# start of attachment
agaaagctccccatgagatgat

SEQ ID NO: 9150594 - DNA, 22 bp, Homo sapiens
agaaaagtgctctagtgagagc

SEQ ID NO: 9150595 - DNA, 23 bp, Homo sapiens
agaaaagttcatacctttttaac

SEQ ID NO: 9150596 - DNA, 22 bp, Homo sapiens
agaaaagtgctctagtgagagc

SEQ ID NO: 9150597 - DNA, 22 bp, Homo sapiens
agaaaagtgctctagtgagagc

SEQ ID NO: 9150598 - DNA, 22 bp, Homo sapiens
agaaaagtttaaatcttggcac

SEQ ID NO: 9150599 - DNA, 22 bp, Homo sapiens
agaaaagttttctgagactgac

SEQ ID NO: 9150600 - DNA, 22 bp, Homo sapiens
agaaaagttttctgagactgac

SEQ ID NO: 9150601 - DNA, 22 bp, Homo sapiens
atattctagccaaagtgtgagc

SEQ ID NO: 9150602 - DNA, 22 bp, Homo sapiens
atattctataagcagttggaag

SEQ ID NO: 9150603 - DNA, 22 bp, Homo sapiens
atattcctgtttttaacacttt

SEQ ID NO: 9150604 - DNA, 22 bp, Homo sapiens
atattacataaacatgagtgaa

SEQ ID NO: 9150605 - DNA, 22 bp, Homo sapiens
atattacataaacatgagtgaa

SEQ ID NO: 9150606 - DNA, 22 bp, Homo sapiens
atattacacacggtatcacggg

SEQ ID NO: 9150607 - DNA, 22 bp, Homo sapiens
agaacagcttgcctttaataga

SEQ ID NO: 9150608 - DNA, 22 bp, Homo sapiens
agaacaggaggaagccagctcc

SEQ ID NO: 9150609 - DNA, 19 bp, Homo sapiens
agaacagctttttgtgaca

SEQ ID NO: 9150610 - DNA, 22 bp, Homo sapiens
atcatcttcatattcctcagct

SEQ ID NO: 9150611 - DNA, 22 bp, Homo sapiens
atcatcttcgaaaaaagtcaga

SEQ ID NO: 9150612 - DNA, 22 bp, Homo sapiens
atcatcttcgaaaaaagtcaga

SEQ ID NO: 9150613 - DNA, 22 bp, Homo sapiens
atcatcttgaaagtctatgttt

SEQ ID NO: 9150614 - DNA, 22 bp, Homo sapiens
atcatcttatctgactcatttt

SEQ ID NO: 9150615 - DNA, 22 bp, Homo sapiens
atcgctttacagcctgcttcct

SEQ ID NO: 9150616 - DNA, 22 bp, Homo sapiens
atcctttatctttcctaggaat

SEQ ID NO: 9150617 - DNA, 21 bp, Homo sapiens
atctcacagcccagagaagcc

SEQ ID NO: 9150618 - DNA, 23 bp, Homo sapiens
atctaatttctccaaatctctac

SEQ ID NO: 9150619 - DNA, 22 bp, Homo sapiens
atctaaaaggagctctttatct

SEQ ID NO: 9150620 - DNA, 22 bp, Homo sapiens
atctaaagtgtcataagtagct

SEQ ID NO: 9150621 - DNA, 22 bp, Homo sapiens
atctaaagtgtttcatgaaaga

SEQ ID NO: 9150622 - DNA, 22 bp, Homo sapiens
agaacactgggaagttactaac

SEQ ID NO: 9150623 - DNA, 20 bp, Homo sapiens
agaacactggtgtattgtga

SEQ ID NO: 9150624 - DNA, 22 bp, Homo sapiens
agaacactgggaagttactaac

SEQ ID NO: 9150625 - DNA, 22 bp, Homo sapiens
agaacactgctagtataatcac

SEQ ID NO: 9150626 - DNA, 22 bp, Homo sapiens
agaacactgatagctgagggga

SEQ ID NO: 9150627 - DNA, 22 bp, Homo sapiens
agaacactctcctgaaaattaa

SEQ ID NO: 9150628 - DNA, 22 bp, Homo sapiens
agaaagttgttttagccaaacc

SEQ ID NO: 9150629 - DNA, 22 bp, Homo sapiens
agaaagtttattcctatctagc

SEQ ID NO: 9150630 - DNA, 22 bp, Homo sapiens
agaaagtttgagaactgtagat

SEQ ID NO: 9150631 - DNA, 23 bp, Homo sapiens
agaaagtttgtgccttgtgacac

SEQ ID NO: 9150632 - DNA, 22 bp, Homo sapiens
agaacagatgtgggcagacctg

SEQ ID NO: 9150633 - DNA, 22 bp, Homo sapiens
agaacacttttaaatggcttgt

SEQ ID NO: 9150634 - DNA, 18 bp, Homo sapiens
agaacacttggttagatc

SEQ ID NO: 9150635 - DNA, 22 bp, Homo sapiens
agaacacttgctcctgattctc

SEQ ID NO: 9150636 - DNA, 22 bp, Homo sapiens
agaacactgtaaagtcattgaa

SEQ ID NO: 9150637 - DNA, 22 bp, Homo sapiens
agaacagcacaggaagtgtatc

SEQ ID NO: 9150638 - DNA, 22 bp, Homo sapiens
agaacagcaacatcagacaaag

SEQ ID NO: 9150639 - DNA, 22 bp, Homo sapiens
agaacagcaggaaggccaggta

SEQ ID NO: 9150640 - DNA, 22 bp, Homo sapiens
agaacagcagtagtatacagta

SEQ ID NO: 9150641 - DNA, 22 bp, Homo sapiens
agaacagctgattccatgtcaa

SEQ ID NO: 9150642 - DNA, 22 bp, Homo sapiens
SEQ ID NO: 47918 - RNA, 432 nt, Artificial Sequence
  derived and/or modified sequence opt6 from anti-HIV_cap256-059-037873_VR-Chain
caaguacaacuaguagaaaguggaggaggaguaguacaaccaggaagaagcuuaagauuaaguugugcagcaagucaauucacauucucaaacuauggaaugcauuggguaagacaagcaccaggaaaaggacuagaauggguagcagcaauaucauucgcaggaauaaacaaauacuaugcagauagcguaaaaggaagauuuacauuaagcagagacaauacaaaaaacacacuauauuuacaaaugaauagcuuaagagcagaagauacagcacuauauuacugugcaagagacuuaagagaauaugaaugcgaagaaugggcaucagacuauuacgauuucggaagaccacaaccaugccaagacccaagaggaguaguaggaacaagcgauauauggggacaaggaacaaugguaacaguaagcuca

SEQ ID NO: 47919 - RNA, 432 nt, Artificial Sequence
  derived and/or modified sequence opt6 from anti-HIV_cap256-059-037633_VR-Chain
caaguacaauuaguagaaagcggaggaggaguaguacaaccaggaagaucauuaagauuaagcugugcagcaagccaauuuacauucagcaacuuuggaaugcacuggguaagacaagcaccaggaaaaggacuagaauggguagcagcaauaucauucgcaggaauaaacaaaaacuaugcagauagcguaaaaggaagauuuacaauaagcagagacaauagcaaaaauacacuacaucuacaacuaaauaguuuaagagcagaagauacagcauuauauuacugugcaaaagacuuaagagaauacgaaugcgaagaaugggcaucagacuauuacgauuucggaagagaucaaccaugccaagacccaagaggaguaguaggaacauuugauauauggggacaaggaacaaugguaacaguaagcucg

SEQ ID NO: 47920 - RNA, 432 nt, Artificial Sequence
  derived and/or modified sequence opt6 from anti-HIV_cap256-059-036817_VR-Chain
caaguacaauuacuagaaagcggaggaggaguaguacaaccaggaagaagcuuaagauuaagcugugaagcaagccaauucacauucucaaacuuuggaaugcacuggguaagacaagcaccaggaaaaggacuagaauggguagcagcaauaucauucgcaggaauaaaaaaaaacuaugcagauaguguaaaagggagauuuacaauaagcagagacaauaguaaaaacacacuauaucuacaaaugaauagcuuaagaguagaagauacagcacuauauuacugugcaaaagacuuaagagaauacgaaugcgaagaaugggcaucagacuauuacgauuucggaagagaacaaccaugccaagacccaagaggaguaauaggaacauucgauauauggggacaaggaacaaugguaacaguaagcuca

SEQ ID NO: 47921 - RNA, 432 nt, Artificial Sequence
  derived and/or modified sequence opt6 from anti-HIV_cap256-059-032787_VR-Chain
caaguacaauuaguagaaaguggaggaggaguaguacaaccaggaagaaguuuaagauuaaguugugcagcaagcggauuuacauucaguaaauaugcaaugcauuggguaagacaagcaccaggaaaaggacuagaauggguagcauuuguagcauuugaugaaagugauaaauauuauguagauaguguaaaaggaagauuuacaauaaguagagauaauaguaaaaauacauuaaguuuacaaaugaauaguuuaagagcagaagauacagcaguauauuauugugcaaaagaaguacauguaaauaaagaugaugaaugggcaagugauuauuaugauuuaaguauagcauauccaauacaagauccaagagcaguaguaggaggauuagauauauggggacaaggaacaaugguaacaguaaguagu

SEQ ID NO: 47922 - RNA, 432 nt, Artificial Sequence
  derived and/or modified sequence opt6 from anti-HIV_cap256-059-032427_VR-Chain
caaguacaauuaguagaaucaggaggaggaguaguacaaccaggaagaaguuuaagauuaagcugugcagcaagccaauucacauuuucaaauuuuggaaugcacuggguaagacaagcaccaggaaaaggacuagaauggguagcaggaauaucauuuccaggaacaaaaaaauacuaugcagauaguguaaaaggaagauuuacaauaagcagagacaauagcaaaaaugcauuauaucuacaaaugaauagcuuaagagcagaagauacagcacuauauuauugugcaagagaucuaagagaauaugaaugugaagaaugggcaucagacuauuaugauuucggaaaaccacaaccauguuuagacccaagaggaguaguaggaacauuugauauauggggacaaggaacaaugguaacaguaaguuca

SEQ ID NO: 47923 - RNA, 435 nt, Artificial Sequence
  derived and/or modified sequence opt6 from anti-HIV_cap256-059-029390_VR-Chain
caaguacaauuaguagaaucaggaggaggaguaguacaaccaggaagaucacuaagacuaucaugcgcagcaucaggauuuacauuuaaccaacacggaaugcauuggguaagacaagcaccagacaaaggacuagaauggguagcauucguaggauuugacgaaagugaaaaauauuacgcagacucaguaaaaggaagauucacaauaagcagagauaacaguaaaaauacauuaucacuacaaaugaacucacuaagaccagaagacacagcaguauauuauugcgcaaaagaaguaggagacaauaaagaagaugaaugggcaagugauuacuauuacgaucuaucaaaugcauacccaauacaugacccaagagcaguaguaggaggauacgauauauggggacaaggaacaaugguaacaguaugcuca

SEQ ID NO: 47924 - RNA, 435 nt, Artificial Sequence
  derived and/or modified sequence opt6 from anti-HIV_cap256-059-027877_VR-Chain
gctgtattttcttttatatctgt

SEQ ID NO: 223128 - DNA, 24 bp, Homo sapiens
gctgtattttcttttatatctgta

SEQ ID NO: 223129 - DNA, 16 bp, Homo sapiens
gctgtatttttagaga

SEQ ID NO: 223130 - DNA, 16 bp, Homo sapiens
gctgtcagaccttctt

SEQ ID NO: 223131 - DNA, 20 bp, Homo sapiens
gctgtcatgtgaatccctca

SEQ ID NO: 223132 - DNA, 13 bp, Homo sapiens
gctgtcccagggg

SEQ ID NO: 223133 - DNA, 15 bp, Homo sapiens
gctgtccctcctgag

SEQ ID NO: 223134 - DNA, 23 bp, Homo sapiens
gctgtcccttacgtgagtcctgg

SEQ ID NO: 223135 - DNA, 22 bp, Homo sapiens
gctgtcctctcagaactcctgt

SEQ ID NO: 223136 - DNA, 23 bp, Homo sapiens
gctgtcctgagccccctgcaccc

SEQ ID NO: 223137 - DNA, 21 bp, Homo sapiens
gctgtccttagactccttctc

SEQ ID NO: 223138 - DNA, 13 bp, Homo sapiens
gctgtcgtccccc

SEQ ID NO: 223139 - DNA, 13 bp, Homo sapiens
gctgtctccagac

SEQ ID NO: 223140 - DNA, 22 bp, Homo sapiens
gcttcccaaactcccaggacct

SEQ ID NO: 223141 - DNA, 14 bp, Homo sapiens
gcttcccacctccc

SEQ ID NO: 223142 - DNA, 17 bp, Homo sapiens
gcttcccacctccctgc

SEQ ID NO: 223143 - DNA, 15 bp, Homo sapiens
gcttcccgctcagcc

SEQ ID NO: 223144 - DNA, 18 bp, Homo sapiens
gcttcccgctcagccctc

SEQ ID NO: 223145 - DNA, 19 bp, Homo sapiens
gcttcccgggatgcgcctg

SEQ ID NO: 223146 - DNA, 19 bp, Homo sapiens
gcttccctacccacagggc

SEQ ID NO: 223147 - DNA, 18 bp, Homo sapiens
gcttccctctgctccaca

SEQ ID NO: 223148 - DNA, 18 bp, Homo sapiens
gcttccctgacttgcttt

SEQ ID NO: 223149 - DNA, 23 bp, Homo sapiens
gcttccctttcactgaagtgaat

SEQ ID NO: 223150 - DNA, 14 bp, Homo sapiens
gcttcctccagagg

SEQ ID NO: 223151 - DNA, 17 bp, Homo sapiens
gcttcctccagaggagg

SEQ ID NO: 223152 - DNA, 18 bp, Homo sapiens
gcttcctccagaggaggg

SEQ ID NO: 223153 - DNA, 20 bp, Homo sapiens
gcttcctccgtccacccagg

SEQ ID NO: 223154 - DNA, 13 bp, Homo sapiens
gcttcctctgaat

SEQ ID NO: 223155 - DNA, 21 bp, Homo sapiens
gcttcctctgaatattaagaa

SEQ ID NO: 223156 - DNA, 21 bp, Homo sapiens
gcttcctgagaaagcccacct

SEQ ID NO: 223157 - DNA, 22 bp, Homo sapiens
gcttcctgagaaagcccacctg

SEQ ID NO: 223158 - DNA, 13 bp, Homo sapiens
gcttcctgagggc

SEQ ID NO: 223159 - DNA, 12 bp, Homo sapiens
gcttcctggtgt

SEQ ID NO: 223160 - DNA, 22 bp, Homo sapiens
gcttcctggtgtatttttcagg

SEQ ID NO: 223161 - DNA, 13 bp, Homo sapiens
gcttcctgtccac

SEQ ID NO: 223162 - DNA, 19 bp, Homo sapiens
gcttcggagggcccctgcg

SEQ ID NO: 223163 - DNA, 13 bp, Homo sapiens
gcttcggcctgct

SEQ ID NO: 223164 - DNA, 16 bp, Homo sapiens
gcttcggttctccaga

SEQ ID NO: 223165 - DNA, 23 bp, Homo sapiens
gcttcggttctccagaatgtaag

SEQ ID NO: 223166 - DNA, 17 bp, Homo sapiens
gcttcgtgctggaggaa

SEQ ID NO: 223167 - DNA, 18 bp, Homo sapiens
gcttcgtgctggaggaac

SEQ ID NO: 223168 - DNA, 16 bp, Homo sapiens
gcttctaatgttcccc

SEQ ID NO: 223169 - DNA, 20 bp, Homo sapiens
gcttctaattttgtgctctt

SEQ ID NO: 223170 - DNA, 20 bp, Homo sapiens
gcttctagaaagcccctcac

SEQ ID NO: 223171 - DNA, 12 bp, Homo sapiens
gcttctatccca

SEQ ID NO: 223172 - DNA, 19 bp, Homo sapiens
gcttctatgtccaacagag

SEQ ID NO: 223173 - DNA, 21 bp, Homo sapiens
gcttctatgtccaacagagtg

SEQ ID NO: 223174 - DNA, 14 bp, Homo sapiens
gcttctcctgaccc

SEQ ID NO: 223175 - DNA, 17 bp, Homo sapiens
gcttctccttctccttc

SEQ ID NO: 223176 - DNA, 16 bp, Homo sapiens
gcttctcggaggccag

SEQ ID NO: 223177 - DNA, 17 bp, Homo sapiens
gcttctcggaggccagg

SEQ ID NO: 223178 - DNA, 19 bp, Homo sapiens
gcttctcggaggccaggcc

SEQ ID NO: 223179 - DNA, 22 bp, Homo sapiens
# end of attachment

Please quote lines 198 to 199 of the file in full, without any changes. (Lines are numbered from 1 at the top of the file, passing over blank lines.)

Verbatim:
SEQ ID NO: 223167 - DNA, 18 bp, Homo sapiens
gcttcgtgctggaggaac